Higher gas prices and fuel economy standards are once again downsizing automotive design. But this time around, it’s not so much the size of the car but the size of the engine that’s shrinking. But, leave it to BMW to have us actually looking forward to driving a 4-cylinder where once a six held court. It’s their first four banger available here in over a decade; and it’s in the Z4!
While an inline-6 is synonymous with BMW performance for us here in the States; around the world, BMW 4-cylinder power has been commonplace for years. And, with the 2012 BMW Z4 sDrive28i, it’s our turn again. But, the engine in question is a far cry from our last BMW 4-cylinder. Named TwinPower, it’s a 2-liter with one, twin scroll turbo where each side of the manifold is fed by a pair of exhaust runners. All of that plumbing makes for 240-horsepower and 255 pound feet of torque. And, as is usually the case when a turbo-4 replaces a natural-6, horsepower is down, but torque is up.
Our car’s 6-speed manual transmission is standard, but an 8-speed automatic is an option. At our test track, the Z4 sprang off the line with little turbo lag on its way to 60 in 5.6-seconds, only about a half second slower than the Z4 twin-turbo six we tested in 2009. But, our 4’s power actually builds faster to a plateau, and stays fairly flat all the way to the 7,000 RPM red-line. The shifter is oddly rubbery, but still precise, as you make your way through the first 3 gears to the end of the quarter mile in 14.3-seconds at 97 miles-per-hour.
There’s a fairly aggressive exhaust note and things can get a little rough at the top of the rev-band, but for the most part it’s pretty smooth for a I4. And, believe it or not, this engine actually improves handling, as well. It takes 40-pounds off the front end, and sits further back towards the vehicle’s center, evening out weight distribution, resulting in a quicker turn-in and better balance overall. The double-wishbone-front and central- arm-axle-rear suspension remain unchanged; and provided a solid and relatively flat trip through the cones.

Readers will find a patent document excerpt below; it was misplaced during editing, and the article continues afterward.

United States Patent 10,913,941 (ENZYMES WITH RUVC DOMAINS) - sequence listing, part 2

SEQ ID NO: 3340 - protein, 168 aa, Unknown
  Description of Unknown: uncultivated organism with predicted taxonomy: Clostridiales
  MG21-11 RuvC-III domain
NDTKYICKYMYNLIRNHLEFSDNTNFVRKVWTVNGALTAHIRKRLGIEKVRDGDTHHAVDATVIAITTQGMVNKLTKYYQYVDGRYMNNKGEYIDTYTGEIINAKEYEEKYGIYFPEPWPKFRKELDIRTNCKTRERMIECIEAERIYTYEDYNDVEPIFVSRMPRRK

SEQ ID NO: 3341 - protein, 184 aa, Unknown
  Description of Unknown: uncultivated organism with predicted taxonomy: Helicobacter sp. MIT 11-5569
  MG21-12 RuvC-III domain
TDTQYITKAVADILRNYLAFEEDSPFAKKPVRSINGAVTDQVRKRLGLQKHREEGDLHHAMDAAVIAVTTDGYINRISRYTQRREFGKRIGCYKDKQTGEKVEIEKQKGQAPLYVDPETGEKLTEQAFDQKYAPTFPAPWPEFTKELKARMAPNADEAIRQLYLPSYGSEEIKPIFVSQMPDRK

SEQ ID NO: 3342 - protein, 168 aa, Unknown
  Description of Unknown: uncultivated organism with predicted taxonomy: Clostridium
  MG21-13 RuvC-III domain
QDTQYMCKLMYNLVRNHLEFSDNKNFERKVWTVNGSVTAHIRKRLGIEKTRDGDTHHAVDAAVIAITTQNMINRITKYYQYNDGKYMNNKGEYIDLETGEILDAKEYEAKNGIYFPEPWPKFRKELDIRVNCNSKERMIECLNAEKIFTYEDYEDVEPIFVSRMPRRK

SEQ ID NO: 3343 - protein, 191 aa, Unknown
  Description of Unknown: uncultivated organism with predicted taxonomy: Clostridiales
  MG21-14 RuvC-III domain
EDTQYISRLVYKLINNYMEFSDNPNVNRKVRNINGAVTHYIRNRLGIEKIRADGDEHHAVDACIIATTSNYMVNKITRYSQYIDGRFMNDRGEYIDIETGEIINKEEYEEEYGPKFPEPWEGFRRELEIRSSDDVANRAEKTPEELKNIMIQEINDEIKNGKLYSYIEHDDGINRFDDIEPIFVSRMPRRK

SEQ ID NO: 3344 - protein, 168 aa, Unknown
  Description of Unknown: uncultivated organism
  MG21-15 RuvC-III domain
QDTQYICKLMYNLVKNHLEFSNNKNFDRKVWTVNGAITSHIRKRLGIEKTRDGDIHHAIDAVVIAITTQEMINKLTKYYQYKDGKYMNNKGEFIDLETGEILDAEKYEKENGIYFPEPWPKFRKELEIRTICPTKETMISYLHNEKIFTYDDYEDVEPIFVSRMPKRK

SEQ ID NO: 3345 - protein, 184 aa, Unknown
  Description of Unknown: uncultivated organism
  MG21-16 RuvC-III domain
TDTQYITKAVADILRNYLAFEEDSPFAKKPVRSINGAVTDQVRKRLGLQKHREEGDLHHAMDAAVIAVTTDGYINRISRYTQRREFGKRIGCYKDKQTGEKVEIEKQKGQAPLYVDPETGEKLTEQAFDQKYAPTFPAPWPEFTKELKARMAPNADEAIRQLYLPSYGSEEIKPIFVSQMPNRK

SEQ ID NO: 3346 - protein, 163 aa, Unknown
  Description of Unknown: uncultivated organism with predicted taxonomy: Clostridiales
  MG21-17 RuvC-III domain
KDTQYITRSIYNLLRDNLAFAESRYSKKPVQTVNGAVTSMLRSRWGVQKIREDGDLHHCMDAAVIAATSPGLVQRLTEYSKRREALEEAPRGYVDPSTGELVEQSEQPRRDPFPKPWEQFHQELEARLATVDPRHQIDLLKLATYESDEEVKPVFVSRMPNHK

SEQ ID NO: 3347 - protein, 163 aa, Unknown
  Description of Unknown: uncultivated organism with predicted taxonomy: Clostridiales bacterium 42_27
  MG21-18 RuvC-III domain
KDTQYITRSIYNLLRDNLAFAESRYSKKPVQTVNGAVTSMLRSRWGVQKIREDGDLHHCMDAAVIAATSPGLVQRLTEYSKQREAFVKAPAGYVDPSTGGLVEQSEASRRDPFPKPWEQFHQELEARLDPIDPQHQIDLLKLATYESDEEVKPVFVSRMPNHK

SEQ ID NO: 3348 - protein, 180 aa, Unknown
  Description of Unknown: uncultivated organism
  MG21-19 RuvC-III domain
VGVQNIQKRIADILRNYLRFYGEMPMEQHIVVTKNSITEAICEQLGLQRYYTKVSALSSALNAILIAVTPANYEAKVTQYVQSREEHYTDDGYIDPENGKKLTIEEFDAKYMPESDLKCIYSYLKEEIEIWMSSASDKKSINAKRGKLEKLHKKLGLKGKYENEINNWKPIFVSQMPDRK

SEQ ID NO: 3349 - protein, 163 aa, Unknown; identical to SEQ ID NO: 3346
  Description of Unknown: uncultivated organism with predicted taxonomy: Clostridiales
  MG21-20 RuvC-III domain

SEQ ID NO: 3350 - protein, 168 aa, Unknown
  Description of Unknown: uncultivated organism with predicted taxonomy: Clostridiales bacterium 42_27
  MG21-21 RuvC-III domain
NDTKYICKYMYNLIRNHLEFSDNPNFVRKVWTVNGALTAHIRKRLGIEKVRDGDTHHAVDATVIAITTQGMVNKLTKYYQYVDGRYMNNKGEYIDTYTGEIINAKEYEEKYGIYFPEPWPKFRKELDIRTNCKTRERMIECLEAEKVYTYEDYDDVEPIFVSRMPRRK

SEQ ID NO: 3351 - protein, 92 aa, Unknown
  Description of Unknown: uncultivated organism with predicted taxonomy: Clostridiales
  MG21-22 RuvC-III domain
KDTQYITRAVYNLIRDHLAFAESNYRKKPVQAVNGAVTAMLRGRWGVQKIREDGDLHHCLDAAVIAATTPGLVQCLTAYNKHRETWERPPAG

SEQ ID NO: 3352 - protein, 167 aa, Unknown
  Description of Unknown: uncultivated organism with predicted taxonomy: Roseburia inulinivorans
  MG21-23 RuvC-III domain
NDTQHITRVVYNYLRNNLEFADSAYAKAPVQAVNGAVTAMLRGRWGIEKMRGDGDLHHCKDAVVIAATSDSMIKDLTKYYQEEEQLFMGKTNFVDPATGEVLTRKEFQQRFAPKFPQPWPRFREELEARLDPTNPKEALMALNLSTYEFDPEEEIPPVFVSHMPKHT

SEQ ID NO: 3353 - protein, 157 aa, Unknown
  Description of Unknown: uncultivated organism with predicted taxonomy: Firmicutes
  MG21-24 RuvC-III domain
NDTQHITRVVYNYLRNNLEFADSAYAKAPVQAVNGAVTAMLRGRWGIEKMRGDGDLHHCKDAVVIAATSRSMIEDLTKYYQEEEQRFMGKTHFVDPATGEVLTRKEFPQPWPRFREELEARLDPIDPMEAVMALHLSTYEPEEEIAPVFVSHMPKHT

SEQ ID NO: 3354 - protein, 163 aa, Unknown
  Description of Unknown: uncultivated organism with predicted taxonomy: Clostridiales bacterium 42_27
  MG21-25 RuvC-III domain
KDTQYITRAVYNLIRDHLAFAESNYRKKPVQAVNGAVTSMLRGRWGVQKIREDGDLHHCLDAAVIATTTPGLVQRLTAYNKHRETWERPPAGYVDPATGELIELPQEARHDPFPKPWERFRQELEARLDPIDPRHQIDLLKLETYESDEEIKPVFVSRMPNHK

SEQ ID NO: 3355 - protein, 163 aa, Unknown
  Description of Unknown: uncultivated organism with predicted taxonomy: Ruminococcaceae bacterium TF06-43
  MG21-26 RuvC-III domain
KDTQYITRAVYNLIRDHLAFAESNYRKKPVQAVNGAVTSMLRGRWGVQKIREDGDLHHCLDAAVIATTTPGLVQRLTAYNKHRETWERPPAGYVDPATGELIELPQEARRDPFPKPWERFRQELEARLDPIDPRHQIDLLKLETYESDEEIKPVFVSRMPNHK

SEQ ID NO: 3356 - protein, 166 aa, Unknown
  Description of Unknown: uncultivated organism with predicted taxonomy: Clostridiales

Styling is also unchanged, which is okay by us, as the long hood, short rear deck has perfect proportions and enough angles to keep things interesting. If you didn’t already know that it was a convertible, you’d have a hard time telling as the Z4’s hard top blends in seamlessly with the rest of the car. Open-air motoring is just the push of a button away; however, as the 2-piece aluminum top quickly folds into the trunk.
Whether top up or top down, the Z4 has a very solid, but pleasant ride. Driving Dynamics Control, with three settings, adjusts damping as well as throttle and steering response, and stability control thresholds. Braking performance is excellent, bringing our Z4 to a halt from 60 in just 116-feet.
Being a proper roadster, there are only seats for two, and everything in the cockpit is definitely driver oriented. Seats are snug and well bolstered. Everything seems put together very well, and our car sports body color matching yellow trim throughout. Trunk space is good for a roadster at 8 cubic-feet, and about half of that when the top is stowed.
Government Fuel Economy Ratings for our manual with automatic start-stop are 22-City and 34-Highway. We averaged 30.5 miles-per-gallon of Premium. The Energy Impact Score is better than average, consuming 12.7-barrels of oil per year while emitting 6.9-tons of CO2.
The Z4 sDrive28i is the new base model in the Z4 line-up starting at $49,525. Since that’s pretty pricey you might want to consider skipping TwinPower for now, and save over ten grand with the 1-Series Convertible.
Still, BMW has big plans for the TwinPower four. Look for it to spread across the BMW line-up all the way up to the 5-series. And, when it comes right down to it, does it really matter what’s under the hood? What matters to us is hitting the start button, nailing the throttle, and having something thrilling happen. And in that regard the 2012 BMW Z4 sDrive28i certainly delivers.
Engine: 2 liter
Torque: 255 lb-ft.
0-60 mph: 5.6-seconds
1/4 mile: 14.3-seconds @ 97 mph
EPA: 22 mpg city/ 34 mpg highway
Energy Impact: 12.7 barrels of oil/yr
CO2 Emissions: 6.9 tons/yr